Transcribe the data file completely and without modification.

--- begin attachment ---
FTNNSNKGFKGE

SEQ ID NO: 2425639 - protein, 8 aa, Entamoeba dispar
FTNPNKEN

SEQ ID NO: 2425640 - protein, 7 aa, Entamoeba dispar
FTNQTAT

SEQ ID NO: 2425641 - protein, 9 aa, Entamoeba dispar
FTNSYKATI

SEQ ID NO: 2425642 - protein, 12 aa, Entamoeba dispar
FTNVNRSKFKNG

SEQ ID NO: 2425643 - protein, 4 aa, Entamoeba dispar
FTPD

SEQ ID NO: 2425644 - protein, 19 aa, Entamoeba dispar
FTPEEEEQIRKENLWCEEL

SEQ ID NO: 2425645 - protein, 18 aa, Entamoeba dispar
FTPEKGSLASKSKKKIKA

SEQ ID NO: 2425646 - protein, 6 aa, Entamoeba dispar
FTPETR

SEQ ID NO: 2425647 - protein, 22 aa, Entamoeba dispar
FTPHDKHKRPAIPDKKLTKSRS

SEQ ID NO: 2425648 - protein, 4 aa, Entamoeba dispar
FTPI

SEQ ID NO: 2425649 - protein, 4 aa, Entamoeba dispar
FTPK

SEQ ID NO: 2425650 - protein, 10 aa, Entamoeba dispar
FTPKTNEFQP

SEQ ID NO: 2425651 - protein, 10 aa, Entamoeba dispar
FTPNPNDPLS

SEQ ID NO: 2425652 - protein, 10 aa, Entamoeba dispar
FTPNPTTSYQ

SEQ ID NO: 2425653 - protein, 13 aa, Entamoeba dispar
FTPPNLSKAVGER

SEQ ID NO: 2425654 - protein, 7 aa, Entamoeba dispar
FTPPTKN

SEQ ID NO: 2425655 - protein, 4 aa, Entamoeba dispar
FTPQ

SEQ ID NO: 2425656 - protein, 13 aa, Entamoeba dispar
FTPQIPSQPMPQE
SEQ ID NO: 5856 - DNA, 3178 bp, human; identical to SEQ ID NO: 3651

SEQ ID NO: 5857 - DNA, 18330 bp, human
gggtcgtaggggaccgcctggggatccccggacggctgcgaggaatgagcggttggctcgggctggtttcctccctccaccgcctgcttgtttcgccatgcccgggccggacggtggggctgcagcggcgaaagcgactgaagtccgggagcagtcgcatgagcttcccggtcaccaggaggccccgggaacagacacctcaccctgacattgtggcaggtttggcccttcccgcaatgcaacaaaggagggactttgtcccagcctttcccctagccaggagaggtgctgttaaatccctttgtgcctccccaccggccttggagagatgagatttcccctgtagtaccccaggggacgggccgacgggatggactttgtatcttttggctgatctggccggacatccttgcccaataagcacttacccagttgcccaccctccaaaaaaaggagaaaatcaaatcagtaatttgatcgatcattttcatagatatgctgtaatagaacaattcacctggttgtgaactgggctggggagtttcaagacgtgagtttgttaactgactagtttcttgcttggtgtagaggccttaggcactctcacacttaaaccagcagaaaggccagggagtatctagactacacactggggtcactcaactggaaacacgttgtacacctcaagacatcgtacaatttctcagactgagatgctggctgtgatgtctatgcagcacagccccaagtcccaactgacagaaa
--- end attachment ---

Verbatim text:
FTNNSNKGFKGE

SEQ ID NO: 2425639 - protein, 8 aa, Entamoeba dispar
FTNPNKEN

SEQ ID NO: 2425640 - protein, 7 aa, Entamoeba dispar
FTNQTAT

SEQ ID NO: 2425641 - protein, 9 aa, Entamoeba dispar
FTNSYKATI

SEQ ID NO: 2425642 - protein, 12 aa, Entamoeba dispar
FTNVNRSKFKNG

SEQ ID NO: 2425643 - protein, 4 aa, Entamoeba dispar
FTPD

SEQ ID NO: 2425644 - protein, 19 aa, Entamoeba dispar
FTPEEEEQIRKENLWCEEL

SEQ ID NO: 2425645 - protein, 18 aa, Entamoeba dispar
FTPEKGSLASKSKKKIKA

SEQ ID NO: 2425646 - protein, 6 aa, Entamoeba dispar
FTPETR

SEQ ID NO: 2425647 - protein, 22 aa, Entamoeba dispar
FTPHDKHKRPAIPDKKLTKSRS

SEQ ID NO: 2425648 - protein, 4 aa, Entamoeba dispar
FTPI

SEQ ID NO: 2425649 - protein, 4 aa, Entamoeba dispar
FTPK

SEQ ID NO: 2425650 - protein, 10 aa, Entamoeba dispar
FTPKTNEFQP

SEQ ID NO: 2425651 - protein, 10 aa, Entamoeba dispar
FTPNPNDPLS

SEQ ID NO: 2425652 - protein, 10 aa, Entamoeba dispar
FTPNPTTSYQ

SEQ ID NO: 2425653 - protein, 13 aa, Entamoeba dispar
FTPPNLSKAVGER

SEQ ID NO: 2425654 - protein, 7 aa, Entamoeba dispar
FTPPTKN

SEQ ID NO: 2425655 - protein, 4 aa, Entamoeba dispar
FTPQ

SEQ ID NO: 2425656 - protein, 13 aa, Entamoeba dispar
FTPQIPSQPMPQE
SEQ ID NO: 5856 - DNA, 3178 bp, human; identical to SEQ ID NO: 3651

SEQ ID NO: 5857 - DNA, 18330 bp, human
gggtcgtaggggaccgcctggggatccccggacggctgcgaggaatgagcggttggctcgggctggtttcctccctccaccgcctgcttgtttcgccatgcccgggccggacggtggggctgcagcggcgaaagcgactgaagtccgggagcagtcgcatgagcttcccggtcaccaggaggccccgggaacagacacctcaccctgacattgtggcaggtttggcccttcccgcaatgcaacaaaggagggactttgtcccagcctttcccctagccaggagaggtgctgttaaatccctttgtgcctccccaccggccttggagagatgagatttcccctgtagtaccccaggggacgggccgacgggatggactttgtatcttttggctgatctggccggacatccttgcccaataagcacttacccagttgcccaccctccaaaaaaaggagaaaatcaaatcagtaatttgatcgatcattttcatagatatgctgtaatagaacaattcacctggttgtgaactgggctggggagtttcaagacgtgagtttgttaactgactagtttcttgcttggtgtagaggccttaggcactctcacacttaaaccagcagaaaggccagggagtatctagactacacactggggtcactcaactggaaacacgttgtacacctcaagacatcgtacaatttctcagactgagatgctggctgtgatgtctatgcagcacagccccaagtcccaactgacagaaa